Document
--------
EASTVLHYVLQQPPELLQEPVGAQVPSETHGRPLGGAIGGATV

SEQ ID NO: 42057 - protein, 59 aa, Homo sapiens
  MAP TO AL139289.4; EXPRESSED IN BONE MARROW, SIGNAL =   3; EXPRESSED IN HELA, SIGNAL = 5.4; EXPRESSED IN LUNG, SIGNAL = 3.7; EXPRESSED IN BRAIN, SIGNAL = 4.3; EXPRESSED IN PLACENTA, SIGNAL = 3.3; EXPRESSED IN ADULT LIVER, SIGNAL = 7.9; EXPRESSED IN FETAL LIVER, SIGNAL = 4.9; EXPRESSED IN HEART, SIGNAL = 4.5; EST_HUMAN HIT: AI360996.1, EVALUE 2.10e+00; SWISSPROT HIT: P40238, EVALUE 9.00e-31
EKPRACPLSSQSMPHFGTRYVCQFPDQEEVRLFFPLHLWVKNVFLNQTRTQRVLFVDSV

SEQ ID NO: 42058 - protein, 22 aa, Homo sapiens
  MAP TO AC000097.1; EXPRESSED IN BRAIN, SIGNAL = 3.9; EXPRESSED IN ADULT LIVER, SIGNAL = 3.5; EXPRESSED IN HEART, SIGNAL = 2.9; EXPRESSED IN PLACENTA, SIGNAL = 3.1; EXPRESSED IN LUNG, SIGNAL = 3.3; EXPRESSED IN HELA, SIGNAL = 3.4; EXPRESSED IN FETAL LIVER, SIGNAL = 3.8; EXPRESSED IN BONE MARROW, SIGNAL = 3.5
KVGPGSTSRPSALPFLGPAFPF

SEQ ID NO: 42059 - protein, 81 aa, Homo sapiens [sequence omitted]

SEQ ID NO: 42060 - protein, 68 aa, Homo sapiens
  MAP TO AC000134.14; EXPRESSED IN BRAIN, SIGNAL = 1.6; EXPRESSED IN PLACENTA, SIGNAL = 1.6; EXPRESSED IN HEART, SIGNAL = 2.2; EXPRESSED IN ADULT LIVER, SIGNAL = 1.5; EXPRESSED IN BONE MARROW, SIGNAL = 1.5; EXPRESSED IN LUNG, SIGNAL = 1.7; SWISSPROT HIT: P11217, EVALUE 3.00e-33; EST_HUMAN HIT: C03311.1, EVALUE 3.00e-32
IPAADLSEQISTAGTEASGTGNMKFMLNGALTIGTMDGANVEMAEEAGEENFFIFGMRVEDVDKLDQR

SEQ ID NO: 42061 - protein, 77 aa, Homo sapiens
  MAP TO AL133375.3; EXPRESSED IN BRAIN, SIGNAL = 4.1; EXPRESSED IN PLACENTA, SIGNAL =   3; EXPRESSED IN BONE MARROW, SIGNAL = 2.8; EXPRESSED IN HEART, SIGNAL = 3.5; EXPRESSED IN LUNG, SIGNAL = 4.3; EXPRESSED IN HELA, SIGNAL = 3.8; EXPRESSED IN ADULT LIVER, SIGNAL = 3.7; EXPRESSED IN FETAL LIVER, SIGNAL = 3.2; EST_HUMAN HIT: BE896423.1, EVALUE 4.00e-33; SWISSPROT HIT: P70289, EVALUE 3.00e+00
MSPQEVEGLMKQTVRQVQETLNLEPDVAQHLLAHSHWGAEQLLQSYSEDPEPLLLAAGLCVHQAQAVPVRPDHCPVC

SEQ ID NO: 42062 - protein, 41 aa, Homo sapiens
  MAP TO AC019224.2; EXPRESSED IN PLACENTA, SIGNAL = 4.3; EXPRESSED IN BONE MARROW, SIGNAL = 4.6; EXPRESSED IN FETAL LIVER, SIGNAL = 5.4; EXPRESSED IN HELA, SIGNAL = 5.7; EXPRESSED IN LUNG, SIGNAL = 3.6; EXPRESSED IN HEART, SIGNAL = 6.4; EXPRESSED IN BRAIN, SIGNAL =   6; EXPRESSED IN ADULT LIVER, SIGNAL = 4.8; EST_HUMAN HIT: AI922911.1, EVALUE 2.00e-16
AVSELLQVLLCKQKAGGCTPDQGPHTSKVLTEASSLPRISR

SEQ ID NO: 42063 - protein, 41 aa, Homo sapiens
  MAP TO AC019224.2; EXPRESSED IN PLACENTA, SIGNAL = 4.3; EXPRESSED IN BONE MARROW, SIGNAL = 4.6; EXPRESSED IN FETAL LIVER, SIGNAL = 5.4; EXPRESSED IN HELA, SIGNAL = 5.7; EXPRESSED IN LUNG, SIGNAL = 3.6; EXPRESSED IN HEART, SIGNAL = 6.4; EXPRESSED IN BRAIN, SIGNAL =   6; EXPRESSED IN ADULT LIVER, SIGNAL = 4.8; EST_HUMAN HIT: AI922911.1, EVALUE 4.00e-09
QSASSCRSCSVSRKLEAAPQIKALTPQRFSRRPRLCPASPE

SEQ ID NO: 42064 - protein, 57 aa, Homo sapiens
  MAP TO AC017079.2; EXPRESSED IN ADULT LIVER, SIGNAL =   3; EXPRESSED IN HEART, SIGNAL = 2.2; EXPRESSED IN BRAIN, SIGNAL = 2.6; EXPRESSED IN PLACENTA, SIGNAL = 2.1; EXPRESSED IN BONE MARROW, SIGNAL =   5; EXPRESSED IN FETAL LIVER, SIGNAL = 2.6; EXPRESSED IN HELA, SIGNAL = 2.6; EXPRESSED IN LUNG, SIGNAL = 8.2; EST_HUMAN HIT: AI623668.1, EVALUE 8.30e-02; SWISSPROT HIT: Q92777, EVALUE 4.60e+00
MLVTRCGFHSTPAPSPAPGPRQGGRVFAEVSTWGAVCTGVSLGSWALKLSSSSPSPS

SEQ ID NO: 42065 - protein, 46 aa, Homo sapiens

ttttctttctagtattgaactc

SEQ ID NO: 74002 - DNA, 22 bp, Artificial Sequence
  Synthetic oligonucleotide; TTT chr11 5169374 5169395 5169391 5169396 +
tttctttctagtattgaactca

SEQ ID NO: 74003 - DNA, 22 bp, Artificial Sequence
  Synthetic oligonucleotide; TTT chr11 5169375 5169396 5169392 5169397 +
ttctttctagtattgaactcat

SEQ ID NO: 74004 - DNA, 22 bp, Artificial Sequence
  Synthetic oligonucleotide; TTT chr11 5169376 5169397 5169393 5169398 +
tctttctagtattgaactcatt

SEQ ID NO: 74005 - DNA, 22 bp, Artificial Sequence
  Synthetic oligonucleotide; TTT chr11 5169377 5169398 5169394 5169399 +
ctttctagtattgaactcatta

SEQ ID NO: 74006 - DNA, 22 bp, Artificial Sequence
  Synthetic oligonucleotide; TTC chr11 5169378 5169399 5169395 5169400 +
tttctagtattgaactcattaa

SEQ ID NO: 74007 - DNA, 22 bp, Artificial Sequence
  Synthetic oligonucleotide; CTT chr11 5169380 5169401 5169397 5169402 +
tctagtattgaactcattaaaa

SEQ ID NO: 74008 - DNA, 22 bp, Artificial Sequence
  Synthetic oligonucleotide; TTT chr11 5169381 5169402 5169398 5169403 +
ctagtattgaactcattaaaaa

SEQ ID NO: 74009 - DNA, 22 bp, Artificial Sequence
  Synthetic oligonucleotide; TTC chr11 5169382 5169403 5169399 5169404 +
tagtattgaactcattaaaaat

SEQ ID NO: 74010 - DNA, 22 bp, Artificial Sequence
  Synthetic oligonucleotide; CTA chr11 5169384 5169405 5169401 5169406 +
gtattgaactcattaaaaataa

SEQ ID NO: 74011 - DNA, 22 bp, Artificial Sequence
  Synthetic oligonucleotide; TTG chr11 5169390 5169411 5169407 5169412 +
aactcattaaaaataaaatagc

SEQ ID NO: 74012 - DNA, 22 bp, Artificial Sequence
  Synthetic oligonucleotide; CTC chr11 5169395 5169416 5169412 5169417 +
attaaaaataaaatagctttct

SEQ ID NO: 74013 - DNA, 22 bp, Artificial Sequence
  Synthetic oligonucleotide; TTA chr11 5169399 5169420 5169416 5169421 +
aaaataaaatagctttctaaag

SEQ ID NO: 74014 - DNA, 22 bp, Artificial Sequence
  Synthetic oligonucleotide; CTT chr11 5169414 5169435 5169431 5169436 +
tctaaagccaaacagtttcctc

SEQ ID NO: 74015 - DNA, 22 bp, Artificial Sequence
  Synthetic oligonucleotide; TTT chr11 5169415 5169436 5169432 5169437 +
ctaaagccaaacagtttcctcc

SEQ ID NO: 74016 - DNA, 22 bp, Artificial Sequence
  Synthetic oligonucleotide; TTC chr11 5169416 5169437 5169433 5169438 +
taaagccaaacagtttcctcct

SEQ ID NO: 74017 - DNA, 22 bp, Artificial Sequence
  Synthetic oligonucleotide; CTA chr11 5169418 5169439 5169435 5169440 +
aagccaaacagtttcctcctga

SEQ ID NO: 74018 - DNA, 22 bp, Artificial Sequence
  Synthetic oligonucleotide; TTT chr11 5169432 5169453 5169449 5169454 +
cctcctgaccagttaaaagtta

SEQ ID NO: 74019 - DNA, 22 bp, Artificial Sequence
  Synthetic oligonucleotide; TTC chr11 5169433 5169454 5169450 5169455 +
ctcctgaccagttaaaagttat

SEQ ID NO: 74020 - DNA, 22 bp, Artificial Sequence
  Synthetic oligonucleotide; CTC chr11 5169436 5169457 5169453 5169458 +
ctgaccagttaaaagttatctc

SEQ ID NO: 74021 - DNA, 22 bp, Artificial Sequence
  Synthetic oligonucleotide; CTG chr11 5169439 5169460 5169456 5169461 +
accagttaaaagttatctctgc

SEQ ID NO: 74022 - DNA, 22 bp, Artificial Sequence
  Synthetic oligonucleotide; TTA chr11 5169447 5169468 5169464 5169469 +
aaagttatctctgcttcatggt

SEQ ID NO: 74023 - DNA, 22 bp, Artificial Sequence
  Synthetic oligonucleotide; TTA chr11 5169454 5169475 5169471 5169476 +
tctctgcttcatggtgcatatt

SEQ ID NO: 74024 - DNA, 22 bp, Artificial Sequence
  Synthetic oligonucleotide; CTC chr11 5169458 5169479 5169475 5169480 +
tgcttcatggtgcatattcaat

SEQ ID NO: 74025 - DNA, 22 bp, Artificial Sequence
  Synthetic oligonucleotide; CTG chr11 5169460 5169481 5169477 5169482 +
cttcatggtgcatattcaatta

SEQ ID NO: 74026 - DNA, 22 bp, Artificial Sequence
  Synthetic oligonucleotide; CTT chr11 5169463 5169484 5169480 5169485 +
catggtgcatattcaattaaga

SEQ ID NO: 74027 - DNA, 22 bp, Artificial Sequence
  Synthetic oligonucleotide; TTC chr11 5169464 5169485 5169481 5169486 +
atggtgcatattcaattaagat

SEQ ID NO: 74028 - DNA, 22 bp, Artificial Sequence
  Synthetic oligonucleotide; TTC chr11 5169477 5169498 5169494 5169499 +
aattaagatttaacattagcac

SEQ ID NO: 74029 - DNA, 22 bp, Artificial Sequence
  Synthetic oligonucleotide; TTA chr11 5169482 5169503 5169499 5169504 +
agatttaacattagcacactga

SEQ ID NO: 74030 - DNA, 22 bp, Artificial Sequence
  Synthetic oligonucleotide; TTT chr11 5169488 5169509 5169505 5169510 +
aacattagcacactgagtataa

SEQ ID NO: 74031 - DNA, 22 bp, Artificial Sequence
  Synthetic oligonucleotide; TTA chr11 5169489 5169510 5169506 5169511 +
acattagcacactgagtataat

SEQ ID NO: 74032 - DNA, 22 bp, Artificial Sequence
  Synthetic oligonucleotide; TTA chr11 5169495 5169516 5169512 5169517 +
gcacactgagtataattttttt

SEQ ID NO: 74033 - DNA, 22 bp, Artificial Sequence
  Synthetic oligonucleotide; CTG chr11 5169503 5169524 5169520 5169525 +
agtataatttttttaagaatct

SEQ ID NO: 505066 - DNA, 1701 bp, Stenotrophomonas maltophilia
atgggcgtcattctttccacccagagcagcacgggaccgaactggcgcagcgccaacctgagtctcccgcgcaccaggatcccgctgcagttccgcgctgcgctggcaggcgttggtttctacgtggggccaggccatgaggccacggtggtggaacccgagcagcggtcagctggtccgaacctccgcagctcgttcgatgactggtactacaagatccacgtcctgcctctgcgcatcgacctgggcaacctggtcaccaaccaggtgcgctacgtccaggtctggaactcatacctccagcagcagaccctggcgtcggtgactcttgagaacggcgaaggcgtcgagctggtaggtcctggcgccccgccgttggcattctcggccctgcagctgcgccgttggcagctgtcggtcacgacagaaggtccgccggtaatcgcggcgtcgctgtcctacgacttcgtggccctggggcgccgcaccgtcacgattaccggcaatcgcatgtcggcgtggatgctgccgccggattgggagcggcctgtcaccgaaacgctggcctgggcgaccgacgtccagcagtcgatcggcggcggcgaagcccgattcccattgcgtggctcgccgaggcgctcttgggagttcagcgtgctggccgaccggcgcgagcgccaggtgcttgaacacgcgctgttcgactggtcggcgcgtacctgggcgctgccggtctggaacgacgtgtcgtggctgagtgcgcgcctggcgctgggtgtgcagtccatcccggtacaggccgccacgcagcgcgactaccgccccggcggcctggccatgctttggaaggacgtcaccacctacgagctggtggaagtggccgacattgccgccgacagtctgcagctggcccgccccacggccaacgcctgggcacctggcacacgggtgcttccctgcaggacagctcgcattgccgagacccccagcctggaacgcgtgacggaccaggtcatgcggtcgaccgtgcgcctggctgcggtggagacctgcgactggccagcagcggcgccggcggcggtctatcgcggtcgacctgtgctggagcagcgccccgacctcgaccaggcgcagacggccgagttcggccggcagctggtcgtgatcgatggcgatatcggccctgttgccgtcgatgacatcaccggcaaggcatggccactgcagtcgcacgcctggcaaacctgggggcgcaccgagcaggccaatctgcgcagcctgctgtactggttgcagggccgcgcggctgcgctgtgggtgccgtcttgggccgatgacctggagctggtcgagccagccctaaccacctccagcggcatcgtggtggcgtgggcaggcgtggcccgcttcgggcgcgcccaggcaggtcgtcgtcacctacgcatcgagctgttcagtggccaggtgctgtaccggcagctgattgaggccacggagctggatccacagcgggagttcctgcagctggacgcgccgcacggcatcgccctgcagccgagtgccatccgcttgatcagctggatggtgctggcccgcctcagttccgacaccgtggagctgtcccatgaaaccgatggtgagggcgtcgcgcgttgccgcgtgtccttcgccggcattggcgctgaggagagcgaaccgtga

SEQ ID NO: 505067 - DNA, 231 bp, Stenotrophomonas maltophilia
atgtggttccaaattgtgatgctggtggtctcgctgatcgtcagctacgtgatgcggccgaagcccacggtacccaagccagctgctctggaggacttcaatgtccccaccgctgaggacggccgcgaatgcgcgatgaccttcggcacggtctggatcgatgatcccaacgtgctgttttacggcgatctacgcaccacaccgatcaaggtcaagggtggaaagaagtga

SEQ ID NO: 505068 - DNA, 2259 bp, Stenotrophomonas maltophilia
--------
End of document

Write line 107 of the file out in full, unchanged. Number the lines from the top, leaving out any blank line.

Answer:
SEQ ID NO: 74029 - DNA, 22 bp, Artificial Sequence